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14 December 2016

Highways England launch new road safety campaign - ‘When it Rains, It Kills’ - supported by Cumbria Fire and Rescue Service

Cumbria Fire and Rescue Service (CFRS) teams are supporting a new Highways England road safety campaign - ‘When it Rains, It Kills.’

Drivers are being urged to slow down when it’s raining, after almost 3,000 people were killed or seriously injured nationally when driving in the rain last year. The campaign follows latest statistics which show that people are 30 times more likely to be killed or seriously injured when driving in rain than in snow.

The figures also reveal that travelling too fast for the conditions was identified as a factor in 1 in 9 road deaths in Great Britain last year, with drivers failing to alter how they drive in response to changing conditions on the road.

Highways England is warning that even driving within the speed limit in wet weather could be dangerous if drivers don’t allow extra space between them and the vehicle in front. This message is being reinforced with rain-activated warning messages visible to people leaving motorway service stations.

Richard Leonard, Head of Road Safety for Highways England, said:

“Most of us already slow down in snow, ice or fog but when it rains we consider it normal so don’t adapt our driving.

The sad fact is that 2,918 people were killed or seriously injured nationally on the roads when it was raining last year, and not slowing down to suit the current conditions was identified as a factor in 1 in 9 of all road deaths.

Rain makes it harder for tyres to grip the road and harder for drivers to see ahead - significantly increasing the chances of being involved in a collision. We’ve launched our new campaign to make drivers aware of the dangers and to stay safe.”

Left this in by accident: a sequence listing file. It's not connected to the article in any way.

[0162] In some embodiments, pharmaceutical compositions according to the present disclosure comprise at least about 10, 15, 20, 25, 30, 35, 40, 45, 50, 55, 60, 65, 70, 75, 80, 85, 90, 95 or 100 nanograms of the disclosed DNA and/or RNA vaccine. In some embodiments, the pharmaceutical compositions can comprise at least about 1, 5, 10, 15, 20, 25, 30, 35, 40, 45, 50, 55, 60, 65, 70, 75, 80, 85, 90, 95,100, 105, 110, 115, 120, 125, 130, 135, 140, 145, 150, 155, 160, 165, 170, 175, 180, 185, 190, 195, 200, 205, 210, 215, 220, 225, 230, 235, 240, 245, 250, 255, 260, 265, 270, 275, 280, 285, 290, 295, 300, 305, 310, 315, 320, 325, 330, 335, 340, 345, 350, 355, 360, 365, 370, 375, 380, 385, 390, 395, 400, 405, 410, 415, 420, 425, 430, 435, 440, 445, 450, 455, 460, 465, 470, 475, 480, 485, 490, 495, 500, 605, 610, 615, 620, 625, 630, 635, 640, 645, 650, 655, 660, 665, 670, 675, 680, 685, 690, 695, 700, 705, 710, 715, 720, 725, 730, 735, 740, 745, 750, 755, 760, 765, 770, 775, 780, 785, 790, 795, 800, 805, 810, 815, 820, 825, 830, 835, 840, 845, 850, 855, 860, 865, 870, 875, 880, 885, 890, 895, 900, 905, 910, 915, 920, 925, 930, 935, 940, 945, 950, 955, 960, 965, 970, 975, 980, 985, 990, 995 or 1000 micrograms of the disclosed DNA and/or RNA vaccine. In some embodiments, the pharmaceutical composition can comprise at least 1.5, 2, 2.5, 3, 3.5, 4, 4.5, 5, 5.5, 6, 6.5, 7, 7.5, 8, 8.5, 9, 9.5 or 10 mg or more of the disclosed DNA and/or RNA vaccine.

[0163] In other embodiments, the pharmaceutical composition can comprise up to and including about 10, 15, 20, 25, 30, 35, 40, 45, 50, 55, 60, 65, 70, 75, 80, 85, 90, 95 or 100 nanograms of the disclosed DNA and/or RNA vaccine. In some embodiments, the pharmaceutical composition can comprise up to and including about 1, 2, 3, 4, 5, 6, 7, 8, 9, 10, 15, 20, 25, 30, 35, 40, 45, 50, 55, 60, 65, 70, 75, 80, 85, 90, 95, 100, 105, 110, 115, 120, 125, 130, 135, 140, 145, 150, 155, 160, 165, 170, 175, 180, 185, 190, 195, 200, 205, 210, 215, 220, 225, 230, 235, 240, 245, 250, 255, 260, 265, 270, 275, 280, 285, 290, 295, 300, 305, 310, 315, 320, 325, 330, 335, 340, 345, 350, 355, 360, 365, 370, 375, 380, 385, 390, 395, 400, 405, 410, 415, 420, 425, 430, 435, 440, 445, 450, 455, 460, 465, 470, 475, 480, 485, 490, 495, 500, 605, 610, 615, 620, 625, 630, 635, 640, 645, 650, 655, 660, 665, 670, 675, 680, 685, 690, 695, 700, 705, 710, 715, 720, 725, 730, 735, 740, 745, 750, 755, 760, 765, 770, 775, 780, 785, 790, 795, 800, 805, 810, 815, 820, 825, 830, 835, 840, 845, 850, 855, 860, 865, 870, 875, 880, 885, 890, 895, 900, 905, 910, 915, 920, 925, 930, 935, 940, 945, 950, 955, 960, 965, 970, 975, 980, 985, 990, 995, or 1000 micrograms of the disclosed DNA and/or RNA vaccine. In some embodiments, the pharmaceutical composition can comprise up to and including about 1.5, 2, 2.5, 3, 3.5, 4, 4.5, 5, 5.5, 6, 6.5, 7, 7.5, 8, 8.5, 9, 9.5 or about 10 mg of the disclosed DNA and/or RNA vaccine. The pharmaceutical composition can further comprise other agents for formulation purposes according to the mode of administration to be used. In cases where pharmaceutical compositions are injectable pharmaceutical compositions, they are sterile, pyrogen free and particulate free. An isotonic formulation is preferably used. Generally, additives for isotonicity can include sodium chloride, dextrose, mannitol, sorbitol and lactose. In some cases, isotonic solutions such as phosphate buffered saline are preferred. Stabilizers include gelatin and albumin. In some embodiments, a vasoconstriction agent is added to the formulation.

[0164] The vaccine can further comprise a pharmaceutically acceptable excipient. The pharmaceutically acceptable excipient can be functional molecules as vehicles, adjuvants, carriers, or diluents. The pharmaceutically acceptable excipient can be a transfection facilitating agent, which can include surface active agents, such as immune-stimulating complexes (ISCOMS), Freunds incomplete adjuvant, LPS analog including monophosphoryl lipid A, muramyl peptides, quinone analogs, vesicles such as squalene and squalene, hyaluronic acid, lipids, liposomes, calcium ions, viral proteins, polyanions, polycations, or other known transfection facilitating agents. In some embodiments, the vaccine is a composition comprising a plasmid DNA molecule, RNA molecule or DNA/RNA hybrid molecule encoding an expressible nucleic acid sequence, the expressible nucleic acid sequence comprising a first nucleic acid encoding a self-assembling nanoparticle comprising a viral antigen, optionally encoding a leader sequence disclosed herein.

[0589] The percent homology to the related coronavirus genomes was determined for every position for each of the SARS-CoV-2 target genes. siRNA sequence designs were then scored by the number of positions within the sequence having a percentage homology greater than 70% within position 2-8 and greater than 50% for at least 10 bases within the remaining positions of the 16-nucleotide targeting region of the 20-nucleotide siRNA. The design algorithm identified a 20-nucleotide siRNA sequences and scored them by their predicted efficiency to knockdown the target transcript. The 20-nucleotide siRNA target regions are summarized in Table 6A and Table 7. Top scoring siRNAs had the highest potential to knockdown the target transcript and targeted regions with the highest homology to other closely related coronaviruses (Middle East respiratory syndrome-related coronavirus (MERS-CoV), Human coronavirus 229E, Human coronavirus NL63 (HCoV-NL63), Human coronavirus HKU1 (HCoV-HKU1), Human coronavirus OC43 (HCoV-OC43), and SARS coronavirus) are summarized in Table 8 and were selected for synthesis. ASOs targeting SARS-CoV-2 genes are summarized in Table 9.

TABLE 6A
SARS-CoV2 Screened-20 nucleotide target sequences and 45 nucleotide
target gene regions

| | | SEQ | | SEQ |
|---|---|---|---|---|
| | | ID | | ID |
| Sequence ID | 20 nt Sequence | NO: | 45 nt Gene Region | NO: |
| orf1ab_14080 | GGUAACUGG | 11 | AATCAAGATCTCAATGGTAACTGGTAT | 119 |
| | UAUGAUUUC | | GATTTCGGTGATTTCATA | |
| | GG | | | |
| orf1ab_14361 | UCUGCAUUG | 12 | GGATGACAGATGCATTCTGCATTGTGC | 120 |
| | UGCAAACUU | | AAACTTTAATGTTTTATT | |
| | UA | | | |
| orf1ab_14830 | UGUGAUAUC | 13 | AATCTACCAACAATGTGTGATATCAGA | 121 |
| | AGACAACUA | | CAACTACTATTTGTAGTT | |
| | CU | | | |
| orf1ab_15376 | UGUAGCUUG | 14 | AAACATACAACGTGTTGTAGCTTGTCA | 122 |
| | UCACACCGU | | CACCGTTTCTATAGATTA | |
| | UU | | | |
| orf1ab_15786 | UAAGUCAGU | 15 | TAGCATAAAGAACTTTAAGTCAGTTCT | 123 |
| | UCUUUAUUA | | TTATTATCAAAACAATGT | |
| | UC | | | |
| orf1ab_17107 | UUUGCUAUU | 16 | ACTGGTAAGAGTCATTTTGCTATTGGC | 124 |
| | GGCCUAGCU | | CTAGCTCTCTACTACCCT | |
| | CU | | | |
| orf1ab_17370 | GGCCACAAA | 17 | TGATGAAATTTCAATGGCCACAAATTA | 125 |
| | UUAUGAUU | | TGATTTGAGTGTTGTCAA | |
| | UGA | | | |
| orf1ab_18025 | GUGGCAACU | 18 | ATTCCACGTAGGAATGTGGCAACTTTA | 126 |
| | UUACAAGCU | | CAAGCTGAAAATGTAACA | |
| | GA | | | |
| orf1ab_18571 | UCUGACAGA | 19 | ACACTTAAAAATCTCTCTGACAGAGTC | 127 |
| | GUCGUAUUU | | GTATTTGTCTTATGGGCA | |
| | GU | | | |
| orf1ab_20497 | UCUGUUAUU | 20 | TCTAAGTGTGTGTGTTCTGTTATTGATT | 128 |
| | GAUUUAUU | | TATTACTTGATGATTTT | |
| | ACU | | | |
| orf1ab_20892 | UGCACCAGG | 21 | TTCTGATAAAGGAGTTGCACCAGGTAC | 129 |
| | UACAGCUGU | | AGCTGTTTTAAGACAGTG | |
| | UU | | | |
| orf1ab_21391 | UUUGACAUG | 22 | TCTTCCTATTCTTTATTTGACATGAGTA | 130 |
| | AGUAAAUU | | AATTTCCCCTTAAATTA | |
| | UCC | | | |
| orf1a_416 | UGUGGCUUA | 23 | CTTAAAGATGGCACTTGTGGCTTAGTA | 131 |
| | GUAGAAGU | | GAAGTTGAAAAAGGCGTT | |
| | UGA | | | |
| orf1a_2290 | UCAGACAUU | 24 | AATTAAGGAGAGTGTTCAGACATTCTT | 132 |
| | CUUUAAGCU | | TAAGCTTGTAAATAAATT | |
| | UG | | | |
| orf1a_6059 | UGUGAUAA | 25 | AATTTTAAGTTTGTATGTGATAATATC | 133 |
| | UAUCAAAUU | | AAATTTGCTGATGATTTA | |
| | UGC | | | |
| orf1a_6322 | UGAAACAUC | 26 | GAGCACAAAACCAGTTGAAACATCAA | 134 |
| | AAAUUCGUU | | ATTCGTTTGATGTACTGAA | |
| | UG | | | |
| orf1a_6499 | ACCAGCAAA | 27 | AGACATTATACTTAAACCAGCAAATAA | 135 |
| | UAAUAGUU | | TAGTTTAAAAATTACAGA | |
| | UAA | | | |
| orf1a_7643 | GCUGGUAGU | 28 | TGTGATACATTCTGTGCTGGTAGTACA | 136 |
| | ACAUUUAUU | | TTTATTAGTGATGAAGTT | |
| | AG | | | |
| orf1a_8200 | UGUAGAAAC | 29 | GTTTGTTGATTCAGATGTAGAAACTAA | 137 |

Mark Ducie, Community Safety Manager for Cumbria Fire and Rescue Service, said:

“We’re supporting the ‘When it rains, it kills’ campaign from Highways England because we’ve seen time and again how wet conditions have caused accidents on Cumbria roads. The statistics speak for themselves and we urge all drivers to follow the advice of Highways England and to be aware of weather forecasts when planning journeys.”

A new road safety video has been produced, directed by award-winning photographer Nadav Kander, which shows rain falling inside the home of a family imagined to have been involved in a serious road collision.

It generally takes at least twice as long to stop on a wet road as on a dry road because tyres have less grip on the surface.  In wet weather you should:

  • slow down if the rain and spray from other vehicles is making it difficult to see and be seen
  • keep well back from the vehicle in front as this will increase your ability to see and plan ahead
  • ease off the accelerator and slow down gradually if the steering becomes unresponsive as it probably means that water is preventing the tyres from gripping the road

In total, 197 people lost their lives on roads during rainfall in Great Britain last year and 2,721 suffered a serious injury, compared to 14 deaths and 153 serious injuries during fog, and 2 deaths and 95 serious injuries during snow. 

Highways England is aiming to reduce the number of people killed or seriously injured on England’s motorways and major A roads by 40% by 2020 through road improvements, safety campaigns and other initiatives.
Cumbria Fire and Rescue Service (CFRS) teams are supporting a new Highways England road safety campaign – ‘When it Rains, It Kills.’